South African President Jacob Zuma is delivering a speech at Renmin University of China in Beijing on Wednesday. [Asianewsphoto]
BEIJING - South African President Jacob Zuma defended China's investments in Africa against Western claims of "colonization" on Wednesday, saying Africa enjoys an equal trade relationship with Beijing.
With the most prosperous economy in all of Africa, South Africa is also pursuing a stronger global role through membership in the internationally dominant BRIC group (Brazil, Russia, India and China), an option BRIC leaders are now considering, according to Zuma.
In a speech at Renmin University of China in Beijing, Zuma said "China is there discussing with the brothers and sisters in Africa to create a mutually beneficial kind of relationship", which is "different from former Western colonialists (simply) taking things by force."
Today's investment relations between China and Africa, of course, are not without precedent, Zuma said, noting that Chinese traders first arrived on African shores hundreds of years ago.
What is happening now, he noted, is merely a continuation of this legacy - and an intensely positive one at that.
"In other words, not to colonize, but to help Africa stand on its own and work together with China," Zuma said.
Indeed, Zuma stressed that, in many cases, African countries cannot enjoy the same degree of equality in terms of business investment with Western countries that they do with China.
Moreover, many an African country is simply viewed dismissively as a "former colonial country", or "a former mother country."
"But China," he told 100 students and teachers, "is different".
Beijing has been increasingly under fire in the Western media and elsewhere for investing heavily in African nations while irrespective of their reputations on governance and human rights issues. But China asserts that its investment helps improve the lives of the African people by creating wealth, while opening these countries up to competition from other countries.
South African Trade Minister Rob Davies told The Financial Times, for example, that China's expanding presence in Africa "can only be a good thing" because it will increase competition for resources and influence in the continent.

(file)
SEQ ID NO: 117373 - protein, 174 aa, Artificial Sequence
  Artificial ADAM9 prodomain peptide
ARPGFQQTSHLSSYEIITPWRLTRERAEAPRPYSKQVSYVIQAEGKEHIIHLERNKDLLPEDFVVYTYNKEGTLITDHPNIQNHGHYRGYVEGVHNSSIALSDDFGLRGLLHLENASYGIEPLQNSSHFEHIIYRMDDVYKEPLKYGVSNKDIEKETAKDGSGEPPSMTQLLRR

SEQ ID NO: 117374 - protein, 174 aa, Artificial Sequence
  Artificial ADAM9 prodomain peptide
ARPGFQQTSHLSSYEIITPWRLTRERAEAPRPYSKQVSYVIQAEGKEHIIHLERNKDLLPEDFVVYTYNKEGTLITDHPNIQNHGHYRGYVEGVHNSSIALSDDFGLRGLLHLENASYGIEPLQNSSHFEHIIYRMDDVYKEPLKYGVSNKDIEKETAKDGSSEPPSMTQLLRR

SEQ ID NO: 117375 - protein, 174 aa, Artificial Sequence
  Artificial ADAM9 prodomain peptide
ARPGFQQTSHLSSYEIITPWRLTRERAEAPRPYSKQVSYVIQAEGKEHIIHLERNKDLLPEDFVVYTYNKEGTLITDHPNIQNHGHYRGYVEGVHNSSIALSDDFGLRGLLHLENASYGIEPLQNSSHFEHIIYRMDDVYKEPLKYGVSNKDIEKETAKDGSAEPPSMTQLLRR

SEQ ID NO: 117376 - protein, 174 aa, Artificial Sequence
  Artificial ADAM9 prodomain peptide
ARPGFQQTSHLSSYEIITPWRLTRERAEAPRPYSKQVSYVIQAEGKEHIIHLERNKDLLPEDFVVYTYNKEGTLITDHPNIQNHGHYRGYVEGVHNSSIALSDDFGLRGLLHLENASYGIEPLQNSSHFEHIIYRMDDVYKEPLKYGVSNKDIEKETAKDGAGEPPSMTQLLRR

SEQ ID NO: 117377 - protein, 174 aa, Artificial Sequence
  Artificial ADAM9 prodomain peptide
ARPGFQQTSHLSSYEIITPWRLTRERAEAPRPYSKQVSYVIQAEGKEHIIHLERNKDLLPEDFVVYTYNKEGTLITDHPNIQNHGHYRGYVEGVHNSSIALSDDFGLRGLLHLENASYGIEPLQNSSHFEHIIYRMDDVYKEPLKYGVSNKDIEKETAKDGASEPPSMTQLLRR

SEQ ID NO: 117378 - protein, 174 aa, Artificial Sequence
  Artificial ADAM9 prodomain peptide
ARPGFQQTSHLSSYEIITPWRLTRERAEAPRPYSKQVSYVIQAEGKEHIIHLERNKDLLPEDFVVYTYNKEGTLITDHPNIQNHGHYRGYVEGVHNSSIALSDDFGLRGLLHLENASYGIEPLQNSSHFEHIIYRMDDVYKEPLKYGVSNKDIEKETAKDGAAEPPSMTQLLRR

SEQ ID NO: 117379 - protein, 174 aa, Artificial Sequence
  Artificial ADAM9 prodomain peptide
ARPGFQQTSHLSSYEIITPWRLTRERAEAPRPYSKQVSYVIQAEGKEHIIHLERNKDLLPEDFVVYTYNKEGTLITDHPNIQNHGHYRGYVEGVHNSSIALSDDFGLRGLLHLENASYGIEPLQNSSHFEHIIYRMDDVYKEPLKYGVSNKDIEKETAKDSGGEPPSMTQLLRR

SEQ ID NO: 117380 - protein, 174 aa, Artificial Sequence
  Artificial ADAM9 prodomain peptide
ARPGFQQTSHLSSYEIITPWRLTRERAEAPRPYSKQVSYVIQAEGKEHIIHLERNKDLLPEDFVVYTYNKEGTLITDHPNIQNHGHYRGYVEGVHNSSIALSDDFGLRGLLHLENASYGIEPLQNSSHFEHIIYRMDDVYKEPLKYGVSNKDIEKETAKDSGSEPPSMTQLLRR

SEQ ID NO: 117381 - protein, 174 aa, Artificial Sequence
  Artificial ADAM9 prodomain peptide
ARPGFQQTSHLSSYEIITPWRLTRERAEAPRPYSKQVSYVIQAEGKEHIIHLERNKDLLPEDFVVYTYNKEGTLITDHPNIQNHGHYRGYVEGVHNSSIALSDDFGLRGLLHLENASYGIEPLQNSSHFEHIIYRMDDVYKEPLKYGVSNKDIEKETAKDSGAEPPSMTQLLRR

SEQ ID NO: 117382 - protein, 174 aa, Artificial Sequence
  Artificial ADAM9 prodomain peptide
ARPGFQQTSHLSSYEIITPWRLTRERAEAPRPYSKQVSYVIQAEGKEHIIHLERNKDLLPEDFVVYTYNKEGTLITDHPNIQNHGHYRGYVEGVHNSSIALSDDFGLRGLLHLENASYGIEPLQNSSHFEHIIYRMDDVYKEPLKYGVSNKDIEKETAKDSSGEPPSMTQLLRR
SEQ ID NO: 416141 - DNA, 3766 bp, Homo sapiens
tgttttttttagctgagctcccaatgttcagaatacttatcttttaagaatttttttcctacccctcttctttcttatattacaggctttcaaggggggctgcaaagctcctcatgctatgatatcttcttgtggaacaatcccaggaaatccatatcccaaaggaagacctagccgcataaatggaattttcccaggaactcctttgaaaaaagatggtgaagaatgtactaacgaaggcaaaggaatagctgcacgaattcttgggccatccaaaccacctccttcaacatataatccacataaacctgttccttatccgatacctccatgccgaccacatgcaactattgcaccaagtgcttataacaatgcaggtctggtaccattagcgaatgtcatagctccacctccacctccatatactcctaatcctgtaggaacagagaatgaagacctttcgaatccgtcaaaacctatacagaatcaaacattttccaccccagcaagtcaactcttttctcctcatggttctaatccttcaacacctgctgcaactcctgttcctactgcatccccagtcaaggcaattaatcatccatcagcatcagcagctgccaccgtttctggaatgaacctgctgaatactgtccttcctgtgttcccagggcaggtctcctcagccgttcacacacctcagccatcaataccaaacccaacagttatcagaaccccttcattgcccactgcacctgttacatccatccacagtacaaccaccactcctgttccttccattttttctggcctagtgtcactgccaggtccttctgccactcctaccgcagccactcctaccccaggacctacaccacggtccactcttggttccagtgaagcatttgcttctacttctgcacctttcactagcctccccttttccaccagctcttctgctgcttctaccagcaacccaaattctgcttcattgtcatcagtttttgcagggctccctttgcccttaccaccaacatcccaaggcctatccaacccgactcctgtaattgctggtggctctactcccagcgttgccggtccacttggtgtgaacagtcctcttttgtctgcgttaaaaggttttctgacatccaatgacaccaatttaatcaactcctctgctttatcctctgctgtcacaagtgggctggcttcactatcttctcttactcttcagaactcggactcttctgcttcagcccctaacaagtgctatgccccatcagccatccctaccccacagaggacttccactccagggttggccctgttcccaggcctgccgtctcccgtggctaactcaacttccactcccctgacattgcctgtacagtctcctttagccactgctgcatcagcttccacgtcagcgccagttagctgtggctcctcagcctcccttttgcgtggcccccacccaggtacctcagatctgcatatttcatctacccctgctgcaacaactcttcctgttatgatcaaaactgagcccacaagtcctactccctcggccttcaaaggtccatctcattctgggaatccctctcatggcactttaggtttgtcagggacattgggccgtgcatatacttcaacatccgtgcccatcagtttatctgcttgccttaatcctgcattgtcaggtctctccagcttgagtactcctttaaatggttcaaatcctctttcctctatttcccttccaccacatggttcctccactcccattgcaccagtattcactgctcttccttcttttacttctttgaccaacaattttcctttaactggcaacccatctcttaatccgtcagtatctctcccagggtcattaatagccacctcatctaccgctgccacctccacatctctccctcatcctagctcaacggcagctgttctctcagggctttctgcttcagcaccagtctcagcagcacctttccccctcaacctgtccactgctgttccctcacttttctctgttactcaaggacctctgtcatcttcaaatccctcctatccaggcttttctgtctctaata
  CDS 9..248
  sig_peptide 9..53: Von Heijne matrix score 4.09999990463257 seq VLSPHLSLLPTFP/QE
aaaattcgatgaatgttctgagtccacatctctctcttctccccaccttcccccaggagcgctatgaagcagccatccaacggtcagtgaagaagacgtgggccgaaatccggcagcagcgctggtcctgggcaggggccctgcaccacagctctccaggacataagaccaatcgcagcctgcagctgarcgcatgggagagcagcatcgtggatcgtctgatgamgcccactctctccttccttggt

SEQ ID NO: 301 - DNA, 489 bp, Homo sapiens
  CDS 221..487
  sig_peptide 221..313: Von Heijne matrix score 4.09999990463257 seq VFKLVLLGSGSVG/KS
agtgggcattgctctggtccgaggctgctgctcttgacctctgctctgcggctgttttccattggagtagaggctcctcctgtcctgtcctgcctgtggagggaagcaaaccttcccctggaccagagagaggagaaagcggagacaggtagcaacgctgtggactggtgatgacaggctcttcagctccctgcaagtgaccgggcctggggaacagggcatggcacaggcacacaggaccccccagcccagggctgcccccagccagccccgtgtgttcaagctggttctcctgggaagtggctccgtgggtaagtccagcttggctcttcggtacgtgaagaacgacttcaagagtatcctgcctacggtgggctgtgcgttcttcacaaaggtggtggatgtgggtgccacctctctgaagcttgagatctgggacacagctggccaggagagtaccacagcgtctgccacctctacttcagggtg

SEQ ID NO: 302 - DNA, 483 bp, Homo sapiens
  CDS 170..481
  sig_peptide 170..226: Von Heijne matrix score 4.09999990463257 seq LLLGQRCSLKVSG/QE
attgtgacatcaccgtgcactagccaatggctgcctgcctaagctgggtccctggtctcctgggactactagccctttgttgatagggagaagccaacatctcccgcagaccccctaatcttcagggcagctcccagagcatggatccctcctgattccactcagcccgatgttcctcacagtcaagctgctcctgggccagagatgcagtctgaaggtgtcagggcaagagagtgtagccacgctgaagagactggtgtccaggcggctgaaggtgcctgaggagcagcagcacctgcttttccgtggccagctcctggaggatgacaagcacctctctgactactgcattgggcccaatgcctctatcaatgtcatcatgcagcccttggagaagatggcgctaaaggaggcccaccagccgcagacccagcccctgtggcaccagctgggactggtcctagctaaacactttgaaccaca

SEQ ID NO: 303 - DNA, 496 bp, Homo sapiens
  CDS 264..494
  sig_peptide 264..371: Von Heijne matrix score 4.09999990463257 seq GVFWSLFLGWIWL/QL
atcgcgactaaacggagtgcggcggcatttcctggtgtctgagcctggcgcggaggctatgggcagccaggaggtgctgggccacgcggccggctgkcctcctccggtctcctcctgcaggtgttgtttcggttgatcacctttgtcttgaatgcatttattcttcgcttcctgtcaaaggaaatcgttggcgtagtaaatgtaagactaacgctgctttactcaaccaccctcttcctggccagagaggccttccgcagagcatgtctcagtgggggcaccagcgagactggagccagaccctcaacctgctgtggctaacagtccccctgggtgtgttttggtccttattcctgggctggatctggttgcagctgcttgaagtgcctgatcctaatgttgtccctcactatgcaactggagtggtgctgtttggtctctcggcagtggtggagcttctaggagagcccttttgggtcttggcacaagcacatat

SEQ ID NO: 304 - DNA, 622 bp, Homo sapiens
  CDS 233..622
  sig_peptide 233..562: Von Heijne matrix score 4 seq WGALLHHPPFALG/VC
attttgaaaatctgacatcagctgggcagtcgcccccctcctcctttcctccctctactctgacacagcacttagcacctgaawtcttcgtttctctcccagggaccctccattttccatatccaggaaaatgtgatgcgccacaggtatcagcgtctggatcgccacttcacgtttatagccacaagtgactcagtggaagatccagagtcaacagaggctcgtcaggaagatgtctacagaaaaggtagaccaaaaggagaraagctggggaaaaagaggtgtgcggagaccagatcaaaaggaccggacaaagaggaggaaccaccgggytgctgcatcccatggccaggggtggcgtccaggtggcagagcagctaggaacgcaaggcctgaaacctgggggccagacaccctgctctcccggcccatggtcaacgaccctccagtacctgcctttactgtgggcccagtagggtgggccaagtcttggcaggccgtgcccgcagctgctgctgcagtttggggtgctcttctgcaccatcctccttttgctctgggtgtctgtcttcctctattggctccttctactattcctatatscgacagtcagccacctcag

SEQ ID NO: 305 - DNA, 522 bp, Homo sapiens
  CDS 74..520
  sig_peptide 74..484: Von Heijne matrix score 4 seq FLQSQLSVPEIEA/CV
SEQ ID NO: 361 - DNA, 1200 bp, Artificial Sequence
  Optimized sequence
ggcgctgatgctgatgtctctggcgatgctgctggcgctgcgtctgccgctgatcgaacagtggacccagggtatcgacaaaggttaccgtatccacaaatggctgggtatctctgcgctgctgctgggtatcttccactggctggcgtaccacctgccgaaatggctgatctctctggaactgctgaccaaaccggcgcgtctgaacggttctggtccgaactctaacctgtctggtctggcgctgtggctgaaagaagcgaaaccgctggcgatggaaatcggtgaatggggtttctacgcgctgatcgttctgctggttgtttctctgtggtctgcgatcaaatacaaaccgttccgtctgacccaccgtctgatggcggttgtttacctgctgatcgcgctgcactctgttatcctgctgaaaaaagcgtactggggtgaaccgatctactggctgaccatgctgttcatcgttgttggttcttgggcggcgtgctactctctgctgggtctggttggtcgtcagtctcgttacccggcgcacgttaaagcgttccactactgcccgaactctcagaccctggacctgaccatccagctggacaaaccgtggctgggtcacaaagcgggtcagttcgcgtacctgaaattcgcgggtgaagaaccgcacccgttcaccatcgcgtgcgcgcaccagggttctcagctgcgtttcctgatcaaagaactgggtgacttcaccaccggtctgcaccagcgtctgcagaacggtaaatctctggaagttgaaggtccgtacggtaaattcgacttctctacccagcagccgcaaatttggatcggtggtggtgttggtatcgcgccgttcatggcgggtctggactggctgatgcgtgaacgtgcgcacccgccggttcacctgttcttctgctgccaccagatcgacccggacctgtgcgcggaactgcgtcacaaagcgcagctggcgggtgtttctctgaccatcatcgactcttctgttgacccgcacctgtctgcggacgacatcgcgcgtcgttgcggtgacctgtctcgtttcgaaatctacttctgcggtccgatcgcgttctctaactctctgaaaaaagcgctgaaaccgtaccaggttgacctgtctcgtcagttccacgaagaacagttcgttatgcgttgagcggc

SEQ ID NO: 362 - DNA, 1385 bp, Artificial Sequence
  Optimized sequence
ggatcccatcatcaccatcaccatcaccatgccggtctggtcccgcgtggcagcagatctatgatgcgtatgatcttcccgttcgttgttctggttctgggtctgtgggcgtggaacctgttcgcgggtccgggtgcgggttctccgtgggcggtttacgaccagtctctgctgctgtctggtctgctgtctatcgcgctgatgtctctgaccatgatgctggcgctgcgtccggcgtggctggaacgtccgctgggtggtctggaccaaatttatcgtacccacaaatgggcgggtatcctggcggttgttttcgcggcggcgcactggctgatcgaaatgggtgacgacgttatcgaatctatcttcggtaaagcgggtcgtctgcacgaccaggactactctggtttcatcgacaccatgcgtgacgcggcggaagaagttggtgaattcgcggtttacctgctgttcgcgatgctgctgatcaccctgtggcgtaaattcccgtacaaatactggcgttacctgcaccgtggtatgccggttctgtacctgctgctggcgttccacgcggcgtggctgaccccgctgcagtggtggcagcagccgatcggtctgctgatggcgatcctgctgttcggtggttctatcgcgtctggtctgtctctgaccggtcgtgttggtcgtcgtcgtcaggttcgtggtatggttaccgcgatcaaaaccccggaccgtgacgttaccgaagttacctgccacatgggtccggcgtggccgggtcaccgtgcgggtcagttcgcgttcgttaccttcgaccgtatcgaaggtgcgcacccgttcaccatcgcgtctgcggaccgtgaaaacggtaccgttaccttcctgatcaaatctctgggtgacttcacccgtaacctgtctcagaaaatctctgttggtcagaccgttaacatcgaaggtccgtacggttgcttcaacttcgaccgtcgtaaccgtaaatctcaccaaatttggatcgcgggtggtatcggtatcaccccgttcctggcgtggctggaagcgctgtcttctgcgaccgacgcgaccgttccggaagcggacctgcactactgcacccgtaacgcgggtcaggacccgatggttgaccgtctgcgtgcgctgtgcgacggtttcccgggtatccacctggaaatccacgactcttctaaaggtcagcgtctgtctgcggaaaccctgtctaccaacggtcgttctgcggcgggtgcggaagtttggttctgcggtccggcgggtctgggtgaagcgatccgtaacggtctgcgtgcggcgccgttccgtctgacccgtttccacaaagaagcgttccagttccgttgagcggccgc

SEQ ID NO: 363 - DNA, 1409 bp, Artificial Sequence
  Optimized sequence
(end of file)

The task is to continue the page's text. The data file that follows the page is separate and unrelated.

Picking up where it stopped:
"We don't have to sign on the dotted line whatever is shoved under our noses any longer," he told the British paper. "We now have alternatives and that's to our benefit,"
Zuma is on his first visit to China since taking office in May of last year, and is accompanied by 13 Cabinet ministers and a delegation of 370 business people.
Trade ties between Beijing and Johannesburg have grown rapidly in recent years, with China last year overtaking the US as South Africa's largest export destination.
For this reason, China is forging long-term relations with Johannesburg to jointly pursue relationships with other African nations.
It is a vision Zuma says Johannesburg sees as highly cohesive with the values of the BRIC nations - each of which his government has approached informally about a South African membership.
He was optimistic about being in league with a group that would heighten South Africa's international stature.
"We believe they will take a favorable decision," he said.
As no African nation is represented in the group, South Africa's participation in BRIC "would mean that an entire continent that has a population of over 1 billion people is represented," he said.
But Zuma declined to give a definite timeline of the decision of the membership.
China's foreign ministry is yet to respond to Zuma's comments.
World economic growth, according to Zuma, has shifted from the west to the east, and from the north to the south.
However, he added, this does not mean emerging economies should take full responsibility for world economic stability and growth, as some developed countries have been pushing for.
"Although countries like China, Brazil, India, and South Africa have an increasingly important role, it cannot be forgotten that they are still developing countries that have not yet overcome the challenges of poverty and inequality," said Zuma.
Yang Lihua, an African analyst at the Chinese Academy of Social Sciences, said that a possible membership of South Africa in the BRIC would certainly be conducive for African countries to play a bigger role in world affairs.
Indeed, he added, it is only fair that Africa be represented, as the BRIC is "a multilateral cooperative mechanism of emerging economies."
Tuesday marked the second day of Zuma's visit. He will later fly to Shanghai to visit the World Exposition site.
On Tuesday, Zuma met with Chinese President Hu Jintao when the two signed a "comprehensive strategic partnership", while business representatives signed memorandums of understanding on mining and energy cooperation and transport, among other agreements.